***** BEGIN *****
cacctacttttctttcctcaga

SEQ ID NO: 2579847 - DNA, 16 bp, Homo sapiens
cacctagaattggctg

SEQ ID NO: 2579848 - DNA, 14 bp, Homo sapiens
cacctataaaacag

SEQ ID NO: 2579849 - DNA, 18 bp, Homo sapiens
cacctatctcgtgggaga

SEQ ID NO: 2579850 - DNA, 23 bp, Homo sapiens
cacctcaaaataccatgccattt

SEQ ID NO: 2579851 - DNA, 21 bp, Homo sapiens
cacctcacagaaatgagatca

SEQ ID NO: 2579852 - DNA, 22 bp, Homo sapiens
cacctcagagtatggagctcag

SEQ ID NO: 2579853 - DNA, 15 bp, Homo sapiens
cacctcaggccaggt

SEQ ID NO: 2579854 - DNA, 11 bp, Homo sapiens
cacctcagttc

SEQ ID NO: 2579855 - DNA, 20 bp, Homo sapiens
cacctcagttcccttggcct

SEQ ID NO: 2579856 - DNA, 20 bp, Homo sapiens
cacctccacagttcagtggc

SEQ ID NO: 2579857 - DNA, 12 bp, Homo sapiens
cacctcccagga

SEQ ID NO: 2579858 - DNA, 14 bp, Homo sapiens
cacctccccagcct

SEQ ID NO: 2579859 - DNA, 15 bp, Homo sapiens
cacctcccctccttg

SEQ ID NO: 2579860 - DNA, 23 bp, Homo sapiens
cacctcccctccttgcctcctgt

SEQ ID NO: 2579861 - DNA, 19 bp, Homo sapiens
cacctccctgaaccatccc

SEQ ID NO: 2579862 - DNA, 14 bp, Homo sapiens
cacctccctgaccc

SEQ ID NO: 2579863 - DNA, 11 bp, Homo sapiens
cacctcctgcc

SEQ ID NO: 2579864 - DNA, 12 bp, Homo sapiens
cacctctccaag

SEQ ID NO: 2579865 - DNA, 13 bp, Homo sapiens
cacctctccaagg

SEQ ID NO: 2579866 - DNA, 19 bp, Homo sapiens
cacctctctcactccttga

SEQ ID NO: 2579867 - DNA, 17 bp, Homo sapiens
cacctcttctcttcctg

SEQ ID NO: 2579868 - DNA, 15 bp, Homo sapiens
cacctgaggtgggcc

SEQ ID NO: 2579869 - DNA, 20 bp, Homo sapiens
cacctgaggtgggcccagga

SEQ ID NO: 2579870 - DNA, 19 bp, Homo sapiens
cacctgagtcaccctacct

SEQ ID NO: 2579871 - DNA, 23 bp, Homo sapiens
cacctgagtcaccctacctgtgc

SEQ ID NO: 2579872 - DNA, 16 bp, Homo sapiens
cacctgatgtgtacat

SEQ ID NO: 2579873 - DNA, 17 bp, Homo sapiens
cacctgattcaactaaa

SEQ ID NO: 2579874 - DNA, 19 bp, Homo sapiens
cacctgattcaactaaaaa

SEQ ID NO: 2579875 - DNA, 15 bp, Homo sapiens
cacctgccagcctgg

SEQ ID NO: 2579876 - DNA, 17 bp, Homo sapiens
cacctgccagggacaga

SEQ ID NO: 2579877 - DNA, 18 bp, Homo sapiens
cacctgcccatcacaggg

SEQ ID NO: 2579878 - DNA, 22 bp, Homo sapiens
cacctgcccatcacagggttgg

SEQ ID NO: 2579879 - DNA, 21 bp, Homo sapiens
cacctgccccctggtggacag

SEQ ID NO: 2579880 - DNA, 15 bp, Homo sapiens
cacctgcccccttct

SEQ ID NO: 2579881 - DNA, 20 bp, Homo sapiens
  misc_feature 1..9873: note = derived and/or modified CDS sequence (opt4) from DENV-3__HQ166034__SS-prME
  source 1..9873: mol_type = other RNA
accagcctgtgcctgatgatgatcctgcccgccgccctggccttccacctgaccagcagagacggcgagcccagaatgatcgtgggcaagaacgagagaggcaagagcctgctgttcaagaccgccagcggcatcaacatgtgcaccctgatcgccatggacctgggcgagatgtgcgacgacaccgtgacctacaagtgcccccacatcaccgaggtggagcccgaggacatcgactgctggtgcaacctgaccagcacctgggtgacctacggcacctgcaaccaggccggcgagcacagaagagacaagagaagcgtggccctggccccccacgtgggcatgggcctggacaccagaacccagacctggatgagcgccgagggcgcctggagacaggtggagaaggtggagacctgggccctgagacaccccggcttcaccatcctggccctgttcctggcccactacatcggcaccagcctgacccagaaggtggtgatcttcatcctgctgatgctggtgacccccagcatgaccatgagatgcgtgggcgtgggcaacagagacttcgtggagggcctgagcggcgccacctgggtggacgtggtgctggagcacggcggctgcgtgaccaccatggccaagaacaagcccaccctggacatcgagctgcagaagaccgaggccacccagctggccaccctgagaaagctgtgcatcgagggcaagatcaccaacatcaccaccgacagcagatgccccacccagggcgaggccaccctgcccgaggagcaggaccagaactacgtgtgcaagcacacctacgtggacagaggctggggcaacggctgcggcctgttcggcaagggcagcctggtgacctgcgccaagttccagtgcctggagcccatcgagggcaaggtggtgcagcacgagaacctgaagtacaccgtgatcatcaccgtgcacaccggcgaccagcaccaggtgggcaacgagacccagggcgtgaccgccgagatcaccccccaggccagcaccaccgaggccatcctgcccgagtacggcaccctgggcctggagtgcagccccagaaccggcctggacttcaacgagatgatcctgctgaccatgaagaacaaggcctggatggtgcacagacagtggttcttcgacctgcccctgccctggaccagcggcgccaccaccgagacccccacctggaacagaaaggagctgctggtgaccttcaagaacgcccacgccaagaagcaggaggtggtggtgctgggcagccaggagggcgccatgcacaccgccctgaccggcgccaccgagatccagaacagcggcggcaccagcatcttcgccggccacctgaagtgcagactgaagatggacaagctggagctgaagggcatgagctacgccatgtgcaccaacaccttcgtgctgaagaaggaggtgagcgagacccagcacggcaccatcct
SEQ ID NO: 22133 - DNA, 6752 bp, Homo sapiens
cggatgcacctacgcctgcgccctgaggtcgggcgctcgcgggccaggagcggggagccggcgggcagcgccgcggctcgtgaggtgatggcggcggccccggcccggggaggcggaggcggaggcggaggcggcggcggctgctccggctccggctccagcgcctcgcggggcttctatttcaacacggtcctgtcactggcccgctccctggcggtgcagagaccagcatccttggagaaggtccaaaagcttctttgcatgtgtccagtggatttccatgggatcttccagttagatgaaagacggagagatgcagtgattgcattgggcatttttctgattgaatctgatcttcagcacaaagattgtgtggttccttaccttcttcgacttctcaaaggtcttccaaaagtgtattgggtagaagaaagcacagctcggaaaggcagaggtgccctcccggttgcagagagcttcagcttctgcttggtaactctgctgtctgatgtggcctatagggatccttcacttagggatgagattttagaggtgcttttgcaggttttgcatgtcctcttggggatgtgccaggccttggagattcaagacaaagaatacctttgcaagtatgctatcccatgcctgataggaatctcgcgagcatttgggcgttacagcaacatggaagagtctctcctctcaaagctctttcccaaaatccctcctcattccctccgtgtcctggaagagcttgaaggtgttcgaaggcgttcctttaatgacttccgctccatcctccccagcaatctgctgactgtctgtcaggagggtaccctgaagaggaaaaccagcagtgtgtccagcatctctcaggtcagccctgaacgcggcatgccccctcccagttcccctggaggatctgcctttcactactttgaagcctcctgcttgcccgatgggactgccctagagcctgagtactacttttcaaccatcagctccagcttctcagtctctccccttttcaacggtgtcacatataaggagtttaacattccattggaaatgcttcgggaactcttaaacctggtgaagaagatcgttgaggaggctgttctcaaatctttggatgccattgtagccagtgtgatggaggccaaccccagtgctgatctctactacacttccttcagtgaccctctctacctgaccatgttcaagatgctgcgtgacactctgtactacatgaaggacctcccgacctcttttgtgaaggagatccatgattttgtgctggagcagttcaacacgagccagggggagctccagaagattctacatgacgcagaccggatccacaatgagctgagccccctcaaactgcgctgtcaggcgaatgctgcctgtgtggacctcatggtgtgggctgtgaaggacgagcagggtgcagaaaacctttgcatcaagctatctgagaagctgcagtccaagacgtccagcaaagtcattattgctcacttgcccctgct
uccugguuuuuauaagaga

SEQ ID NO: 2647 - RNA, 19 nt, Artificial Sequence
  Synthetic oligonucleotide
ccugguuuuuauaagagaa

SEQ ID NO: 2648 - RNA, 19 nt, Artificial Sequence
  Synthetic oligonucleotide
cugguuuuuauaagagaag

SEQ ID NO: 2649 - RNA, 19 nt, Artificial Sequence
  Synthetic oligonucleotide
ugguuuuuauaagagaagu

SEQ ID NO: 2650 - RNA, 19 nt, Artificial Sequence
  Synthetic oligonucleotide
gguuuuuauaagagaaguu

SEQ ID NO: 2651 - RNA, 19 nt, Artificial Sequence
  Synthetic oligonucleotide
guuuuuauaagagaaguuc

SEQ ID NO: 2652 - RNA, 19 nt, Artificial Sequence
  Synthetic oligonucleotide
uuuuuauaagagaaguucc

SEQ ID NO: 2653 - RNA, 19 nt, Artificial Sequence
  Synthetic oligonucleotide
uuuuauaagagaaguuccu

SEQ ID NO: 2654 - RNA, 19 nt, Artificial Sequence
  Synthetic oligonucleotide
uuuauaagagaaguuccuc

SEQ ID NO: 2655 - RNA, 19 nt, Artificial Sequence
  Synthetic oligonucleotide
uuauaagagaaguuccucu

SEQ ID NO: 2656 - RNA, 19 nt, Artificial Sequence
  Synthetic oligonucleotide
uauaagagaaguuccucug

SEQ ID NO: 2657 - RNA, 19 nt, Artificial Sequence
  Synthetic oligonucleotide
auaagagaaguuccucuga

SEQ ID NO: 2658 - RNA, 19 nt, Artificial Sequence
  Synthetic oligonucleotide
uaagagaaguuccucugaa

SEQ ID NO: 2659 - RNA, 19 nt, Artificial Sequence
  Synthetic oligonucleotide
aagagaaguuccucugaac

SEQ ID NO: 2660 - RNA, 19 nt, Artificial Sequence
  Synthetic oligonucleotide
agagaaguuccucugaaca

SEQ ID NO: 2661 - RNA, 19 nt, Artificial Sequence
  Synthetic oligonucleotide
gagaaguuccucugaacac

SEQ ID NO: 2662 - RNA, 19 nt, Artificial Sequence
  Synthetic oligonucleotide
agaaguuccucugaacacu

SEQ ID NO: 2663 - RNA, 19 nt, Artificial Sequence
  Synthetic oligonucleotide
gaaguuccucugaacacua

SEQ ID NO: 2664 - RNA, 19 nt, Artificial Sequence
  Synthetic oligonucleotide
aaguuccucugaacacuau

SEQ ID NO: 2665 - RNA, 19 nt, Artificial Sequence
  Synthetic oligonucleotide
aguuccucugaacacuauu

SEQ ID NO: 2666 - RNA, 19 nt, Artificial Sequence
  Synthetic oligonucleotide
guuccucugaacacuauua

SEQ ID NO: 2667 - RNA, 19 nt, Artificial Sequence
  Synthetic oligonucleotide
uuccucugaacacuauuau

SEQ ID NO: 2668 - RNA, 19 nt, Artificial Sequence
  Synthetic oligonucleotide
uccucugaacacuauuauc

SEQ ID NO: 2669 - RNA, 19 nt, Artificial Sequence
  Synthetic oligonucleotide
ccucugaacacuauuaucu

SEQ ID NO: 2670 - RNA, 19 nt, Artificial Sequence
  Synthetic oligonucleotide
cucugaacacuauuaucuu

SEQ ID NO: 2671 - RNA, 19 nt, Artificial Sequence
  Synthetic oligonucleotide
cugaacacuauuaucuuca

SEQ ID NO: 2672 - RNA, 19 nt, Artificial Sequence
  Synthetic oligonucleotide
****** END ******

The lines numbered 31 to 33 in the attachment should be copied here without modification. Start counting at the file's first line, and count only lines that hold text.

cacctccctgaaccatccc

SEQ ID NO: 2579862 - DNA, 14 bp, Homo sapiens
cacctccctgaccc